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Introduction

According to AlarmManager Documentation

The Alarm Manager holds a CPU wake lock as long as the alarm receiver's onReceive() method is executing. This guarantees that the phone will not sleep until you have finished handling the broadcast. Once onReceive() returns, the Alarm Manager releases this wake lock. This means that the phone will in some cases sleep as soon as your onReceive() method completes. If your alarm receiver called Context.startService(), it is possible that the phone will sleep before the requested service is launched. To prevent this, your BroadcastReceiver and Service will need to implement a separate wake lock policy to ensure that the phone continues running until the service becomes available.

Android also provides WakefulBroadcastReceiver for solving this problem:

Helper for the common pattern of implementing a BroadcastReceiver that receives a device wakeup event and then passes the work off to a Service, while ensuring that the device does not go back to sleep during the transition.

This class takes care of creating and managing a partial wake lock for you; you must request the WAKE_LOCK permission to use it.

Starting from api level 11 BroadcastReceiver provides goAsync method which allows to keep the receiver running longer than 10 seconds and move time consuming code to background thread.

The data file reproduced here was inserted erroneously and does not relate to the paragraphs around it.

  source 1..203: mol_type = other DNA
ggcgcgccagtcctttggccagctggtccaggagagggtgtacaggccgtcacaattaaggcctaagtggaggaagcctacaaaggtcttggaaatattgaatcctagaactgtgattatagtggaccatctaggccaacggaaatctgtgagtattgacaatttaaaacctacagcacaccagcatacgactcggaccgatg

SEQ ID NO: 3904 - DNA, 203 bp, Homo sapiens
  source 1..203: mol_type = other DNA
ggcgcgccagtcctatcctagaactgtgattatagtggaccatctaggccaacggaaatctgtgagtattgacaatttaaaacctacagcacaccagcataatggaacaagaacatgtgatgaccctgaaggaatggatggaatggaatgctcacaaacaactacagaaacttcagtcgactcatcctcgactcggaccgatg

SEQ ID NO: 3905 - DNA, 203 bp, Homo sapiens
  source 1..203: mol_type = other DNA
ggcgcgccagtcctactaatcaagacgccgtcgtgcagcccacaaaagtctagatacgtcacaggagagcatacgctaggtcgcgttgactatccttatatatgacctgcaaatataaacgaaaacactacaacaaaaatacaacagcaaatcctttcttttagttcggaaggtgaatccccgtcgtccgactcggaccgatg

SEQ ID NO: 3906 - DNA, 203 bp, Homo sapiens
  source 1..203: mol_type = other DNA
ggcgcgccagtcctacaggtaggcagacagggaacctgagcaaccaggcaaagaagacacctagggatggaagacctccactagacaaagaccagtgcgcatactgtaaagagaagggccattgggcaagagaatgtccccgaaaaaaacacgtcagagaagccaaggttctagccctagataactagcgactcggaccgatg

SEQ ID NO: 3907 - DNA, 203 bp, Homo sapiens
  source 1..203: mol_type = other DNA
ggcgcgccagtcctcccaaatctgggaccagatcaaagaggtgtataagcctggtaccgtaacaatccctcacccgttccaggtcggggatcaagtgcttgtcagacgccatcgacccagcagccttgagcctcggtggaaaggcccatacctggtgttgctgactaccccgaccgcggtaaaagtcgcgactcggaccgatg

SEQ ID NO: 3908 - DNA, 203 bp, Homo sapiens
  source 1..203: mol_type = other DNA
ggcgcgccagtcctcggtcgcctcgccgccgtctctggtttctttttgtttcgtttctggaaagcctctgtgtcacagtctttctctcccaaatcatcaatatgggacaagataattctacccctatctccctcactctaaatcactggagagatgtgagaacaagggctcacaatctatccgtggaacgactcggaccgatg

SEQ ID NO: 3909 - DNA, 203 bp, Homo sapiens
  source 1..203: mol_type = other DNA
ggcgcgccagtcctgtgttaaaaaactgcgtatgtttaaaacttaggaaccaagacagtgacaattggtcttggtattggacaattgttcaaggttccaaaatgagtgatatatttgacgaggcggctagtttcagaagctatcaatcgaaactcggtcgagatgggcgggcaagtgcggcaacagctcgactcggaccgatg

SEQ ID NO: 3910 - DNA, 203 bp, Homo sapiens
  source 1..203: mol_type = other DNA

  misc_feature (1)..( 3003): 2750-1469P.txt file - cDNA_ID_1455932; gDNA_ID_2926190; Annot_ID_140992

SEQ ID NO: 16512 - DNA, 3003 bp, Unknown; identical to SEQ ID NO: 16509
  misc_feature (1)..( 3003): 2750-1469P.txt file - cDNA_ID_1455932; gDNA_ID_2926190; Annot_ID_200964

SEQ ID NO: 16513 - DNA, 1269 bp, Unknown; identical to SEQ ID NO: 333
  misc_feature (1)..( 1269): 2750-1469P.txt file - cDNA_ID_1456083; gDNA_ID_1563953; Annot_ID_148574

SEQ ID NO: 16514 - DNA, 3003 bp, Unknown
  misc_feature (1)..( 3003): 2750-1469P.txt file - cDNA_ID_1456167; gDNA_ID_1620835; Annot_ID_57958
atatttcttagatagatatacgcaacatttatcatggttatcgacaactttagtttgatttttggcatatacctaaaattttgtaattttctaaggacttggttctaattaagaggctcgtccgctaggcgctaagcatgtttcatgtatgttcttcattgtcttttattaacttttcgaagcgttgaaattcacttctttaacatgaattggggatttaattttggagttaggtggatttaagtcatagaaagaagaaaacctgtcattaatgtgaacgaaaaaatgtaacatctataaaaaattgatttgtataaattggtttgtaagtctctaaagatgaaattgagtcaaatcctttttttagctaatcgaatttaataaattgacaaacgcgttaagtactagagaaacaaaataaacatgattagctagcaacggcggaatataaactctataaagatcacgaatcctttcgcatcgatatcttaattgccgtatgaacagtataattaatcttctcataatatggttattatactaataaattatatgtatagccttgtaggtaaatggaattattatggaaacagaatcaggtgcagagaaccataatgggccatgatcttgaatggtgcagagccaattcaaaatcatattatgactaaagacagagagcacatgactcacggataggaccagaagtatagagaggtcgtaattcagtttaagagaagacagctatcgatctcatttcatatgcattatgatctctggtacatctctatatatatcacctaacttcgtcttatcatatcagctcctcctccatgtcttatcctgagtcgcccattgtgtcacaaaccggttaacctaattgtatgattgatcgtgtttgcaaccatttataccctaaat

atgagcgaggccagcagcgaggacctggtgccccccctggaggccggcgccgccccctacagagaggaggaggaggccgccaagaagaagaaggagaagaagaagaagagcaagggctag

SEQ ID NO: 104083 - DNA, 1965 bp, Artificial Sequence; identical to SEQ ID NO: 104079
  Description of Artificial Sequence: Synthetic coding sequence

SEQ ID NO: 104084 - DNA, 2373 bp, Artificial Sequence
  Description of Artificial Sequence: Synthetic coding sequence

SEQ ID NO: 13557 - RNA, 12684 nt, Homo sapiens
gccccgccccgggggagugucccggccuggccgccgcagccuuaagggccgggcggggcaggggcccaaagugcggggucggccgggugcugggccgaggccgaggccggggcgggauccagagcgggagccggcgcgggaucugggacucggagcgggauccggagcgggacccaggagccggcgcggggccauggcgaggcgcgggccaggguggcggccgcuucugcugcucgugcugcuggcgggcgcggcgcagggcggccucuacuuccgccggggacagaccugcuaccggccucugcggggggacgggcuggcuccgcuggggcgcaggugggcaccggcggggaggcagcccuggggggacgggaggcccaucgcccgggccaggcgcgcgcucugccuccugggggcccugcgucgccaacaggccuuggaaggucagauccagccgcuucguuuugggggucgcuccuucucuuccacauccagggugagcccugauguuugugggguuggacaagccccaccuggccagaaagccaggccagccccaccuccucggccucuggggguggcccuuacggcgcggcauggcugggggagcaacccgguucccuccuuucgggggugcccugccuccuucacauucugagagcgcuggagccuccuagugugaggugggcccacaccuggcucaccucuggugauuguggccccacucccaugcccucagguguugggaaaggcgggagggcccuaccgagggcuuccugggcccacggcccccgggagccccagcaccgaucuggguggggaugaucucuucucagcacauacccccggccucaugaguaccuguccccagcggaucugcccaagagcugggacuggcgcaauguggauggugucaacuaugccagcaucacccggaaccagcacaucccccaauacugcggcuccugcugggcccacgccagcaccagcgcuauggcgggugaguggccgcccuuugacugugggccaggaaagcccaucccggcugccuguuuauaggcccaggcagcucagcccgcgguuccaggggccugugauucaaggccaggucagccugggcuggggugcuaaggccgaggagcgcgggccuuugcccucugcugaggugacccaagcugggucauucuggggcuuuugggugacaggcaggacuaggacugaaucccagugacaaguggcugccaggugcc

Question

If in the receiver of Alarm Manager's receiver (which inherits from BroadcastReceiver, not WakefulBroadcastReceiver) I call goAsync and start new thread for time consuming code there will the Alarm Manager keep the wake lock until I call finish on the pendingResult returned from goAsync or do I still need to acquire wake lock in the code that I run on the new thread?

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which inherits from BroadcastReceiver, not BroadcastReceiver what ? –  njzk2 Oct 29 '13 at 19:30
    
@njzk2: oops.. Fixed. –  Giorgi Oct 29 '13 at 19:34

1 Answer 1

"Starting from api level 11 BroadcastReceiver provides goAsync method which allows to keep the receiver running longer than 10 seconds and move time consuming code to background thread."

This is not true according to the documentation. To quote from the goAsync doc:

This does not change the expectation of being relatively responsive to the broadcast (finishing it within 10s)

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I think it depends how you interpret it: onReceive should complete it 10 seconds but the broadcast itself will not be destroyed. "This can be called by an application in onReceive to allow it to keep the broadcast active after returning from that function". So you can start long running code on a new thread and call PendingResult.finish once it finishes. –  Giorgi Oct 29 '13 at 20:27

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